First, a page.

I’ve never been good at writing blog posts–mostly because I can’t understand why anyone would want to listen to a word I say. Realistically, though, a blog is the best place for me to discuss all the things that run through my brainpan when it comes to school.
I am a student at Post University. I am also staff member, and faculty. I’ve hit the trifecta. Which is odd, because I never thought I would do all of these things. And it’s challenging, for a number of different reasons. Not the least of which is keeping my time managed properly–something I’m struggling to do.
However, there is one good thing about being an instructor AND a student–everything I learn in the class I take is one more thing I can incorporate into the class I teach. Who else gets to say that, really? We spent time the past few weeks discussing what online learning was really, and what made for a good online instructor–all helpful things for a first time online teacher to learn.
Last week was especially helpful–we read an article by Mark Pearcey, where he talks about being a high school teacher, who then went to school online, and became a history professor in college. He talked a lot about the challenges of being a teacher when the internet first became a “thing” back in the late 90s–how, as technology became more prevalent, he started integrating it into “planning and instruction” (Pearcey, 2014), and how toward the end he couldn’t imagine a world without it. This is something I can empathize with. I’ve had a computer for as long as I could remember–in fact, I remember very clearly when my parents bought a Gateway desktop (which was all the rage in ’94), and I used it to do homework and play on AOL with my friends.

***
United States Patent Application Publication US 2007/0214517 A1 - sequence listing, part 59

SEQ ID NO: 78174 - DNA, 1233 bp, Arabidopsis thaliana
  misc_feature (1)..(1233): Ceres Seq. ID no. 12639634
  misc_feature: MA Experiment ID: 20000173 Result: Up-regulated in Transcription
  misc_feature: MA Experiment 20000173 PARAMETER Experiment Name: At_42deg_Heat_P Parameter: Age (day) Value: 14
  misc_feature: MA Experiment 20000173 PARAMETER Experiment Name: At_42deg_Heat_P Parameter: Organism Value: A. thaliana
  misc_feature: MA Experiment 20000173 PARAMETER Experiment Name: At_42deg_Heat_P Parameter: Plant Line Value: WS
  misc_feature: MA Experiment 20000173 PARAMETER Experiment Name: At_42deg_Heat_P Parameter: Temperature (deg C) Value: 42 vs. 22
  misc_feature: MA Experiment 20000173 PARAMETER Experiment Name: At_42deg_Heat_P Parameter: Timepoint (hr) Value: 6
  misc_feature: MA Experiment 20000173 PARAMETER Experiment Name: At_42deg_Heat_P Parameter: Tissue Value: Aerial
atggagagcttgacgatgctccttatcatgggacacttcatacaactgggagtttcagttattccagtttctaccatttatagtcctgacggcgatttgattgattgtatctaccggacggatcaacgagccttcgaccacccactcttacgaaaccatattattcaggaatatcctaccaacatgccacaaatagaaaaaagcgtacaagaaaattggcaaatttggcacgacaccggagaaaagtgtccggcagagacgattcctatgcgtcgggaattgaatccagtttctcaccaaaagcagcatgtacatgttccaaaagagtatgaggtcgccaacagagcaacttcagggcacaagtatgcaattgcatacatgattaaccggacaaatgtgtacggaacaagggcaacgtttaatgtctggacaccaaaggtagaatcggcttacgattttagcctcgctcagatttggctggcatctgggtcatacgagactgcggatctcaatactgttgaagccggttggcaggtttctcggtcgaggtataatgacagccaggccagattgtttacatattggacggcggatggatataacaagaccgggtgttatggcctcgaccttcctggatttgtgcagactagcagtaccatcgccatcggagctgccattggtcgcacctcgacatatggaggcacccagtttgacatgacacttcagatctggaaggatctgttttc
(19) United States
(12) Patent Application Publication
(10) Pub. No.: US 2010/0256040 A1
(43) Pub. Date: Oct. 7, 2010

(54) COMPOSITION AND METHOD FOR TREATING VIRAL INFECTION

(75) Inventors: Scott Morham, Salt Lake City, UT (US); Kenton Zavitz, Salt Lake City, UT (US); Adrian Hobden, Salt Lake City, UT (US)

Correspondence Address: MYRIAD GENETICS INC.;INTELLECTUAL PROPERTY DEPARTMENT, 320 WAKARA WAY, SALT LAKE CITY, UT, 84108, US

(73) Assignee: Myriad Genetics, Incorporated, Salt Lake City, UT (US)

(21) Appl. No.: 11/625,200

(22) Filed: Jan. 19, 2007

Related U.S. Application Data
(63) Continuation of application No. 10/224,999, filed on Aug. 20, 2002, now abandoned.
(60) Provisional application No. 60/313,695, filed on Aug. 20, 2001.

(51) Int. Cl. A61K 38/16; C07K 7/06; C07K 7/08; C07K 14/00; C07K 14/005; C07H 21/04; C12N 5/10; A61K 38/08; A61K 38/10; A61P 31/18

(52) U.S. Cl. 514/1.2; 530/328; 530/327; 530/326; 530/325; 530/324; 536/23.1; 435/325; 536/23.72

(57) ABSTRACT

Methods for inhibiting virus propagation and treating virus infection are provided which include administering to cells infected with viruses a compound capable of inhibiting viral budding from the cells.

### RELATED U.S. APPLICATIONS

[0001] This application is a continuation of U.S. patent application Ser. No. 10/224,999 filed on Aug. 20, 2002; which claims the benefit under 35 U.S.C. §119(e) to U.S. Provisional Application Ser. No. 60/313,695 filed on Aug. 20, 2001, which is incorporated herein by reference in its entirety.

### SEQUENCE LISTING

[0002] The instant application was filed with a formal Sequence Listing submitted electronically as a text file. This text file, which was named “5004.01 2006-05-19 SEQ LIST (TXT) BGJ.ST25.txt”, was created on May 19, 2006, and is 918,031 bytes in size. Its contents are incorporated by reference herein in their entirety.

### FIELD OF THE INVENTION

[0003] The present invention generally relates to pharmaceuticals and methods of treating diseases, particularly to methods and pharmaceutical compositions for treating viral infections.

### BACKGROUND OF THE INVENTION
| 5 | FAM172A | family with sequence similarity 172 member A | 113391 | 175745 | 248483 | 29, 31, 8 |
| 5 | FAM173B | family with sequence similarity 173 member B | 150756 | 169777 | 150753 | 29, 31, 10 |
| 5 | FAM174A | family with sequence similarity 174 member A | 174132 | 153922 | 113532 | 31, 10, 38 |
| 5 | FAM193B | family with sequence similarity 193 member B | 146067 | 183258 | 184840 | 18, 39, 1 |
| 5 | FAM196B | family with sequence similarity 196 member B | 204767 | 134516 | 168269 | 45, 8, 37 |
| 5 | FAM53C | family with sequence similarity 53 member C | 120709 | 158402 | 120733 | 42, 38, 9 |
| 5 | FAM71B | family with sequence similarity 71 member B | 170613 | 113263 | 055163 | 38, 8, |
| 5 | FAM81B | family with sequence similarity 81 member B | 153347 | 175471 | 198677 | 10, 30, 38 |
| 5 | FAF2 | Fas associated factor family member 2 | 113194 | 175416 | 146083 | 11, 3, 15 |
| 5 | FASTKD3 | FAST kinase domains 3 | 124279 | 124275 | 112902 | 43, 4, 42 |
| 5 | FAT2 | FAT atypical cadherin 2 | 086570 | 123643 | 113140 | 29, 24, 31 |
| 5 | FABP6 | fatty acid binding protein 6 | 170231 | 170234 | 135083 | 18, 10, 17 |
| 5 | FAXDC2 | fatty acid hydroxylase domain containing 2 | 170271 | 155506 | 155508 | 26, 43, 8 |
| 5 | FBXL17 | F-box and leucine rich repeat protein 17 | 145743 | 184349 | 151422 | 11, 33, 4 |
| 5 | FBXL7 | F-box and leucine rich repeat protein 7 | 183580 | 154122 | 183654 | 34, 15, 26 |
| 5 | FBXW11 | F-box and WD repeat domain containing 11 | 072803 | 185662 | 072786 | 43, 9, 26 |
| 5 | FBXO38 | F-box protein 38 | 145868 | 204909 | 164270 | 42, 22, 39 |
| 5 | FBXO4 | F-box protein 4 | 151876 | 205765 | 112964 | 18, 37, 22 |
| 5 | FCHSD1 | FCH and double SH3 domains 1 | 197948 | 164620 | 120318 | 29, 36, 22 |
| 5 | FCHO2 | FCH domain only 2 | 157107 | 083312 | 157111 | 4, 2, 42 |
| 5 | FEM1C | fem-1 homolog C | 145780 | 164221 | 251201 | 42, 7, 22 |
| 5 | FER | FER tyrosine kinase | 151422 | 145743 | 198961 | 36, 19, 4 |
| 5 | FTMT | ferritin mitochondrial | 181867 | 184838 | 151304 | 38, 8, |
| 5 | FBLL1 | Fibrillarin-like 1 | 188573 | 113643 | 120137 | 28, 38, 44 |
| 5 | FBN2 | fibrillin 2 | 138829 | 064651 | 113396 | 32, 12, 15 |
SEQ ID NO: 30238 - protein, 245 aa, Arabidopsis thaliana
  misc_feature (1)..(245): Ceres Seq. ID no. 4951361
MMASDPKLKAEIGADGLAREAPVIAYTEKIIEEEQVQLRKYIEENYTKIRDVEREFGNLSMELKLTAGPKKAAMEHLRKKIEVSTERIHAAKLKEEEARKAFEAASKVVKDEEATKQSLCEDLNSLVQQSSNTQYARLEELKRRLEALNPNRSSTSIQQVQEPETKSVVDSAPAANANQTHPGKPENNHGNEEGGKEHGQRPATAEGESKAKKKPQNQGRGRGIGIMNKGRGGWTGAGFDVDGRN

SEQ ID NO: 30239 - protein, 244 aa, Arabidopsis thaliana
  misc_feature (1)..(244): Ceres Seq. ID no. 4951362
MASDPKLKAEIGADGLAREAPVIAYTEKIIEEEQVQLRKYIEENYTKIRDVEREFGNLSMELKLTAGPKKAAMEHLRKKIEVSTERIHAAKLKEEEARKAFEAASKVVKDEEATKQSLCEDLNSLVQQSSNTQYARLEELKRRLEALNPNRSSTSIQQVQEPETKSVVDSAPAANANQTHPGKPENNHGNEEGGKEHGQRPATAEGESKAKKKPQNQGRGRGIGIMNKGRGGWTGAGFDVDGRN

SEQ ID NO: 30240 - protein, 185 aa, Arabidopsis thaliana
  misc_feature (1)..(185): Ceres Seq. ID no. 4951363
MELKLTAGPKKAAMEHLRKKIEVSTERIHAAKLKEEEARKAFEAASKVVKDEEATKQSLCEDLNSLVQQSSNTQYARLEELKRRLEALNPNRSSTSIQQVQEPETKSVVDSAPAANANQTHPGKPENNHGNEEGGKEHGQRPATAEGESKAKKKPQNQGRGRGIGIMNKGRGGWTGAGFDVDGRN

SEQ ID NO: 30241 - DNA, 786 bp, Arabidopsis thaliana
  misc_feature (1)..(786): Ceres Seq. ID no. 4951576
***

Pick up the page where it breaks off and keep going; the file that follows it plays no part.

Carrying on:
Technology, it seems, has always been a part of my life–so it only makes sense that I go to college online and teach online. But there’s so much more to teaching online–and learning online–than I had ever thought before.
This week was handy. This week, we talked about how to build discussion board questions and how to use the Socratic Method to get more out of our students. It’s week 3–both of the class I teach and the class I take–and I’m only now just getting into the swing of knowing what to say to my students to elevate the conversation and get them talking. In the class I take, it’s easy. I’m concerned about professional speak, but not as concerned about someone taking something the wrong way, so I’m a bit more colorful with my classmates. For my students? I’m constantly afraid I’m going to say the wrong thing or I’m going to come across as more snarky than I mean to. It’s a constant balancing act, and I’m always afraid I’m going to fall. And, really, this is the biggest risk I’ve ever taken. Thank the fluffy gods I have good balance….mostly…